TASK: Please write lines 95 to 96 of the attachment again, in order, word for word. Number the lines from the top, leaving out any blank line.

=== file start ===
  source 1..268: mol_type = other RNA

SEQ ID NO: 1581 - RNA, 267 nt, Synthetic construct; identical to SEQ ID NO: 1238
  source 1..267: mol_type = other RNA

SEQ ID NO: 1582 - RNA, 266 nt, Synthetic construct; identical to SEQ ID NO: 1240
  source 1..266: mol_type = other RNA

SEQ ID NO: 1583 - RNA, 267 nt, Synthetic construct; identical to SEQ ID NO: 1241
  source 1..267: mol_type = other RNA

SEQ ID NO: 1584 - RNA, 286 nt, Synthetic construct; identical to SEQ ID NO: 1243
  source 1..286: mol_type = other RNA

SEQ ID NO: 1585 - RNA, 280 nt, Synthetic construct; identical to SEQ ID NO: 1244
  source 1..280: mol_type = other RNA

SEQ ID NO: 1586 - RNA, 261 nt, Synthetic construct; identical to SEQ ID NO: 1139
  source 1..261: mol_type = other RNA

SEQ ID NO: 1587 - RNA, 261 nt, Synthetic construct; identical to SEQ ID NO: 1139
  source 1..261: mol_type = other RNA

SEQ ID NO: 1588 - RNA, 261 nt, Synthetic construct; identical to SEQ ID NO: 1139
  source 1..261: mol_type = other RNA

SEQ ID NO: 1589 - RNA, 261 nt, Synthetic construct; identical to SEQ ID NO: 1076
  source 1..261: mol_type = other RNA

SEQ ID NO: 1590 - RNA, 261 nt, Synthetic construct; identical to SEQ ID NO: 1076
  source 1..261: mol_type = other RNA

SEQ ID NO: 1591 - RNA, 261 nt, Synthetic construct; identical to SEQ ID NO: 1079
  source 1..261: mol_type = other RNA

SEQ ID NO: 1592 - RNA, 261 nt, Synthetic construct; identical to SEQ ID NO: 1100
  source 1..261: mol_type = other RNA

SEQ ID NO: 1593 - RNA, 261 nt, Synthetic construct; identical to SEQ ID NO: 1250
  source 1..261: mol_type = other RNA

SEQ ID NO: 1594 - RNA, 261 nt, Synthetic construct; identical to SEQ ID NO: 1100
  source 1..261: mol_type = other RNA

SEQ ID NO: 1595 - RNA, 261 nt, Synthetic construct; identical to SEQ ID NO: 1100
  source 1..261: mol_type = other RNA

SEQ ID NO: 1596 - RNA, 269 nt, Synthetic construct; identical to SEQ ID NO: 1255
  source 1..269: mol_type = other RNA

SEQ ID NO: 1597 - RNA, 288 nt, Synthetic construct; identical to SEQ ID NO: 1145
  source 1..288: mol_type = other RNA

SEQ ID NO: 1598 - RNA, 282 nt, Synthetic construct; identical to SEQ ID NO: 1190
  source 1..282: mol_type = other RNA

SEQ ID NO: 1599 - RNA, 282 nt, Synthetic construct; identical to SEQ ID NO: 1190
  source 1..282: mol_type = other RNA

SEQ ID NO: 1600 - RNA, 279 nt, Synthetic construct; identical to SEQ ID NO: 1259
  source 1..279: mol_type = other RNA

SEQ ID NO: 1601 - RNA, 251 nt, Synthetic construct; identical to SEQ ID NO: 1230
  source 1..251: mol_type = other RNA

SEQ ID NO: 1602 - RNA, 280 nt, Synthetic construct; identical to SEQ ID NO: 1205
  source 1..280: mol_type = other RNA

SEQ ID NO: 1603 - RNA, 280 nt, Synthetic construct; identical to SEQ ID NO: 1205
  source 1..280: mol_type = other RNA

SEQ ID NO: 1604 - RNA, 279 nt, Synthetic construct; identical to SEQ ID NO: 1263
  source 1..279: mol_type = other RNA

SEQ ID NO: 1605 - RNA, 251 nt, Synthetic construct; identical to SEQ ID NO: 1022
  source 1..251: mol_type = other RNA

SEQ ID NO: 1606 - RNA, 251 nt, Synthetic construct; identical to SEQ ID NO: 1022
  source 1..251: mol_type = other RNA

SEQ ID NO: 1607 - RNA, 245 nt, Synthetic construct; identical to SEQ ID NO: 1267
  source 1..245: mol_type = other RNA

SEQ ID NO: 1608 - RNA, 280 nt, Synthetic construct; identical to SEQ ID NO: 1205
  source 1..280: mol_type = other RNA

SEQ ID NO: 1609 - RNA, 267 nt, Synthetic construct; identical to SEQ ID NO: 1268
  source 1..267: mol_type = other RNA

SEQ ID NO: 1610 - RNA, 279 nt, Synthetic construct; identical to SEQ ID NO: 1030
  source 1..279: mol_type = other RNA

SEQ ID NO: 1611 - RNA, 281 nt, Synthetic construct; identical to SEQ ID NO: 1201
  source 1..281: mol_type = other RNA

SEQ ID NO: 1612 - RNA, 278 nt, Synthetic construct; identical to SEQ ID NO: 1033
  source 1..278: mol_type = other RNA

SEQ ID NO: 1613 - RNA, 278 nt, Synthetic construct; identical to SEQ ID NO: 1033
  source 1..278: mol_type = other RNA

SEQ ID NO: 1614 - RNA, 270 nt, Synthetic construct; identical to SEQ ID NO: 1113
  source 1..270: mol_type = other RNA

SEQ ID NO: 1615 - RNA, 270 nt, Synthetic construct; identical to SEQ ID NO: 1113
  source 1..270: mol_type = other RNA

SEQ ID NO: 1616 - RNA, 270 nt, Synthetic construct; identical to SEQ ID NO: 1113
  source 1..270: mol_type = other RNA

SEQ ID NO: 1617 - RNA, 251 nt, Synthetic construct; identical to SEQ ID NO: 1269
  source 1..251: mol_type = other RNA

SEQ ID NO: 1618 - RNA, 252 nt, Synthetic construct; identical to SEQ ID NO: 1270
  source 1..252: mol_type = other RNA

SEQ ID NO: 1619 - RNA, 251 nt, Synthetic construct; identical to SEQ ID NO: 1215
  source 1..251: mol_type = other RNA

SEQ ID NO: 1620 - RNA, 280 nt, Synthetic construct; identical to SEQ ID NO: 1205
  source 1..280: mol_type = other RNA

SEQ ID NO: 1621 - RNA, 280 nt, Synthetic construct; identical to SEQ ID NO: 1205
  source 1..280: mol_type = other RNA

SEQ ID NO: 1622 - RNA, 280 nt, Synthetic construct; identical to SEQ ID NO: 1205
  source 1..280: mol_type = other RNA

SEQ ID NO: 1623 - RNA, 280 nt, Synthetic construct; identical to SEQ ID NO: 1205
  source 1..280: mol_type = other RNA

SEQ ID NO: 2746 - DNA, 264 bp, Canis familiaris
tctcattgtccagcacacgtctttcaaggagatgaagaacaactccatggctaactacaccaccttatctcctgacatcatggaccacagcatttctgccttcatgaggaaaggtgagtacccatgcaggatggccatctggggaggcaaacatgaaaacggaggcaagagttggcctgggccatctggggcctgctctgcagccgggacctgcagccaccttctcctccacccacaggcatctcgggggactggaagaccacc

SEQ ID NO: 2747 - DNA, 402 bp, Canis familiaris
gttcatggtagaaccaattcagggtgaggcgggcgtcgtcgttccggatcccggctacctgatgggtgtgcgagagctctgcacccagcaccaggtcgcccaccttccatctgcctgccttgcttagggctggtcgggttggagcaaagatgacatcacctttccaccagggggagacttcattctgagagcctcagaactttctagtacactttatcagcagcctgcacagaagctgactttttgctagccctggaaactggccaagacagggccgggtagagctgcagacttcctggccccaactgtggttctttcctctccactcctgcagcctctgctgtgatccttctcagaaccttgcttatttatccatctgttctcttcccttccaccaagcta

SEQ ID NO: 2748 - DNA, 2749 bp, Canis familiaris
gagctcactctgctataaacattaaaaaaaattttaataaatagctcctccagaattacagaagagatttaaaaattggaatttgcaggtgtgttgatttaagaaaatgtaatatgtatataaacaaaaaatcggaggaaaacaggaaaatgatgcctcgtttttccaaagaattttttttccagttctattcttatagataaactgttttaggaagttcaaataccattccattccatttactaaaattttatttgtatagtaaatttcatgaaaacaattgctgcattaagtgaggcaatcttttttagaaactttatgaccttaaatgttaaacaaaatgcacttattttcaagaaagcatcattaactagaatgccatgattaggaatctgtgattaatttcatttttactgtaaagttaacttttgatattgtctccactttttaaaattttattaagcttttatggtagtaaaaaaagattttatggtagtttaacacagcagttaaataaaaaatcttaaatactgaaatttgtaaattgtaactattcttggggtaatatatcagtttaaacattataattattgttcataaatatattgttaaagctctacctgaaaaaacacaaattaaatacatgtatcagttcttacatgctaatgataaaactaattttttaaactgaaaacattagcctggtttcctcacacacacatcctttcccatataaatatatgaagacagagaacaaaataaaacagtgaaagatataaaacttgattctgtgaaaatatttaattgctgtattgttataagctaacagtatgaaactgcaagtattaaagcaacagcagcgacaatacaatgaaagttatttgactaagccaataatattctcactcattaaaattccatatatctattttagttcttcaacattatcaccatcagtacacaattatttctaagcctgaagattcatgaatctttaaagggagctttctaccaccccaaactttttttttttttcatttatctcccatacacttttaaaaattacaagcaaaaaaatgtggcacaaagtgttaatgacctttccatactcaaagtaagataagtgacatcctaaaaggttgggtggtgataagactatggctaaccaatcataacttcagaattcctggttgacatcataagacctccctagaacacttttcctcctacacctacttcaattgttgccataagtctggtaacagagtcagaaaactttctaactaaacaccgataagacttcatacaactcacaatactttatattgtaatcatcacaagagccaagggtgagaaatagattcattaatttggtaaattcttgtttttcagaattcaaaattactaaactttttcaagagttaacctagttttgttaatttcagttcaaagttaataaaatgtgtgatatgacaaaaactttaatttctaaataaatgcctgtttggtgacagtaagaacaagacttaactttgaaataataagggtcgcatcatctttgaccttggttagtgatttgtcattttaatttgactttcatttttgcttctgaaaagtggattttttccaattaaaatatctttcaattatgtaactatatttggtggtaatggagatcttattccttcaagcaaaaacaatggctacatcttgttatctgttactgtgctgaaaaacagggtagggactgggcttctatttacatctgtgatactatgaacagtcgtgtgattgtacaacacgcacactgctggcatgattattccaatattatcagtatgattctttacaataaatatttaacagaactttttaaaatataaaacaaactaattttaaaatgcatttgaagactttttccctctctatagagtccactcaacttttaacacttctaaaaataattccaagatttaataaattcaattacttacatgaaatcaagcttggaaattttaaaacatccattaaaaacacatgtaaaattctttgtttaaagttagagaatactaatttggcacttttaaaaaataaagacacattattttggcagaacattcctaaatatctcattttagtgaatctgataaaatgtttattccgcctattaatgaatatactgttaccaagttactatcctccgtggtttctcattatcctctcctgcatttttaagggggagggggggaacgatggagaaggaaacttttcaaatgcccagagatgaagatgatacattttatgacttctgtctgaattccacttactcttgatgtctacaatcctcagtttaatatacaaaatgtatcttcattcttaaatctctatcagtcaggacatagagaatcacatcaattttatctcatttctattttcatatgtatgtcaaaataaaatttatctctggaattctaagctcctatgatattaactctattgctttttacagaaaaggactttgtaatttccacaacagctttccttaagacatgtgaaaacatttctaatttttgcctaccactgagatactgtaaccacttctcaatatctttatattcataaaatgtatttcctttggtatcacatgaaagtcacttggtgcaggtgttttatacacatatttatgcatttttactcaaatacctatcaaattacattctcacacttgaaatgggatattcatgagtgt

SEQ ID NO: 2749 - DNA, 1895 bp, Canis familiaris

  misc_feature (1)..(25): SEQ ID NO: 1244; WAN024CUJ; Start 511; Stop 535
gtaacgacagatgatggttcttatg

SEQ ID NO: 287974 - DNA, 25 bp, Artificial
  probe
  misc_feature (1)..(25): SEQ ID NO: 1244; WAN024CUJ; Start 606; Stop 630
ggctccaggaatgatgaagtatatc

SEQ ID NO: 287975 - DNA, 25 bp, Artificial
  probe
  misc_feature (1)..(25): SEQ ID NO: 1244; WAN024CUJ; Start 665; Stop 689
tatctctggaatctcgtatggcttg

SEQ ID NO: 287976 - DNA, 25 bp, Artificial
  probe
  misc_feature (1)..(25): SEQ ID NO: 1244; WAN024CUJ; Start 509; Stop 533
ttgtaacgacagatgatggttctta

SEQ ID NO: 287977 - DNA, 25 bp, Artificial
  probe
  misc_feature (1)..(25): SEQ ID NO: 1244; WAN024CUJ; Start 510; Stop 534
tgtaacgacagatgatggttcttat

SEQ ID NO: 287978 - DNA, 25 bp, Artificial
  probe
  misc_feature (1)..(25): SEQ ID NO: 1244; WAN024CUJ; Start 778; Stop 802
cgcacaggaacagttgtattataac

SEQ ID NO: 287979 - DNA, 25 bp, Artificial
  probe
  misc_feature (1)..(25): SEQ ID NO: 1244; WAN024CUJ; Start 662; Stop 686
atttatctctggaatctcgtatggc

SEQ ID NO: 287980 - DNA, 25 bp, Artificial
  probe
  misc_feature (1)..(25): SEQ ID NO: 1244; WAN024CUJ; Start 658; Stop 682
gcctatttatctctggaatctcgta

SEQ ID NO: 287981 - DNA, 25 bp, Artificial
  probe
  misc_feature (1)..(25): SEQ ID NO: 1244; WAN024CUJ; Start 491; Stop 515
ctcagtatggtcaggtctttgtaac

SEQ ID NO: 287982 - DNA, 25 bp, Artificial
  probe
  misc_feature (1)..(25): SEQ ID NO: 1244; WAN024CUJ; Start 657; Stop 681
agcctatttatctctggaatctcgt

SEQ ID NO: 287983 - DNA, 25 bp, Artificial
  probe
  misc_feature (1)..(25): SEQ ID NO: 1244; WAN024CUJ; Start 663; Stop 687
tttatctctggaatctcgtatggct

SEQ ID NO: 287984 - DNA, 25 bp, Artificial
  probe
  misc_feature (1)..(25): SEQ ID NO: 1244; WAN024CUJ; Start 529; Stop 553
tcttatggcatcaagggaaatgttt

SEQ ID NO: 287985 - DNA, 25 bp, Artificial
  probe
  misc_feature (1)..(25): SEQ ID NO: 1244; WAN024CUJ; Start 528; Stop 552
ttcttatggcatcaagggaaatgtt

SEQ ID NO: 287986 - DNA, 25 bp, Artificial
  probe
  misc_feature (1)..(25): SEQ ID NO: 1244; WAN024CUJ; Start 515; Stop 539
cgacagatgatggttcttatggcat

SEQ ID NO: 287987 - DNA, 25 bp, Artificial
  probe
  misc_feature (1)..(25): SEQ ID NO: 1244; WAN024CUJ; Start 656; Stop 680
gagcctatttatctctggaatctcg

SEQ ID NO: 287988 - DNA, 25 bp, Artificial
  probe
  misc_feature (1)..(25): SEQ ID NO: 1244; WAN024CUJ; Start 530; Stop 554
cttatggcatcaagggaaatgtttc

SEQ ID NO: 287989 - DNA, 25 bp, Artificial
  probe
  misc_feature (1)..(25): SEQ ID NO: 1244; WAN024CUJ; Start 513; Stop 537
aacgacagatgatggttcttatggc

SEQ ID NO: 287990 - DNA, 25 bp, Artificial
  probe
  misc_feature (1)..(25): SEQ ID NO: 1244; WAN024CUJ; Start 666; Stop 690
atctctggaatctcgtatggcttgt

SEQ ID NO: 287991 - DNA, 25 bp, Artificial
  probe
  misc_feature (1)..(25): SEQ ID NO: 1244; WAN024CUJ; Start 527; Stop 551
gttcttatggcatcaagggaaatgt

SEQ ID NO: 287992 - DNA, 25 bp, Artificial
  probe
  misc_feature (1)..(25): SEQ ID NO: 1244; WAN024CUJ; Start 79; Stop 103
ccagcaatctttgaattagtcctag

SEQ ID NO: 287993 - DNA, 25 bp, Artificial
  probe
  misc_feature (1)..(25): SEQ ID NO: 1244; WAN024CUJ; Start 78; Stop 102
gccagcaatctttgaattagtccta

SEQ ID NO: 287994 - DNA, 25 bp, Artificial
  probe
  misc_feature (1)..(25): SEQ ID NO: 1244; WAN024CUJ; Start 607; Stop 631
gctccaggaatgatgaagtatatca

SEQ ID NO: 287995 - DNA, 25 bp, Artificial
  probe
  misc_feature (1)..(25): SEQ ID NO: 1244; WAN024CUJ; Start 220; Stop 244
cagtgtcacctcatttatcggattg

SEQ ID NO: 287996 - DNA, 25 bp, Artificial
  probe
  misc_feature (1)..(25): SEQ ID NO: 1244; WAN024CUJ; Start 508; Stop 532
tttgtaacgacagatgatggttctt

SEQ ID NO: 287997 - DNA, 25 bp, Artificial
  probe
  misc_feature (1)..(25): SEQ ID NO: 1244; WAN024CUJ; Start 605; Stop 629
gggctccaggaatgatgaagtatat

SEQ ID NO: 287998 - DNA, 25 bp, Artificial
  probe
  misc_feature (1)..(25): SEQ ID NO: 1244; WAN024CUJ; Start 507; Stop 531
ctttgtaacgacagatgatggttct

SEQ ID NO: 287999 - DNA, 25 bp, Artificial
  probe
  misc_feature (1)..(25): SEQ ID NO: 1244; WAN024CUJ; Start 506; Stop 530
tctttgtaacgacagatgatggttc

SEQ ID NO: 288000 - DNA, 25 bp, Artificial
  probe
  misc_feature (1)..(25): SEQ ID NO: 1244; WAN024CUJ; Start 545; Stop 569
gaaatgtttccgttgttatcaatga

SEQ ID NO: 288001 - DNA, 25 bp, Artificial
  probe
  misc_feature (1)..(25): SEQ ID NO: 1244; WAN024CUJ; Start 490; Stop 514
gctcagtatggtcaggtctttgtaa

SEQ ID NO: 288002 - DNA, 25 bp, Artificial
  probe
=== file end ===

  misc_feature (1)..(25): SEQ ID NO: 1244; WAN024CUJ; Start 511; Stop 535
gtaacgacagatgatggttcttatg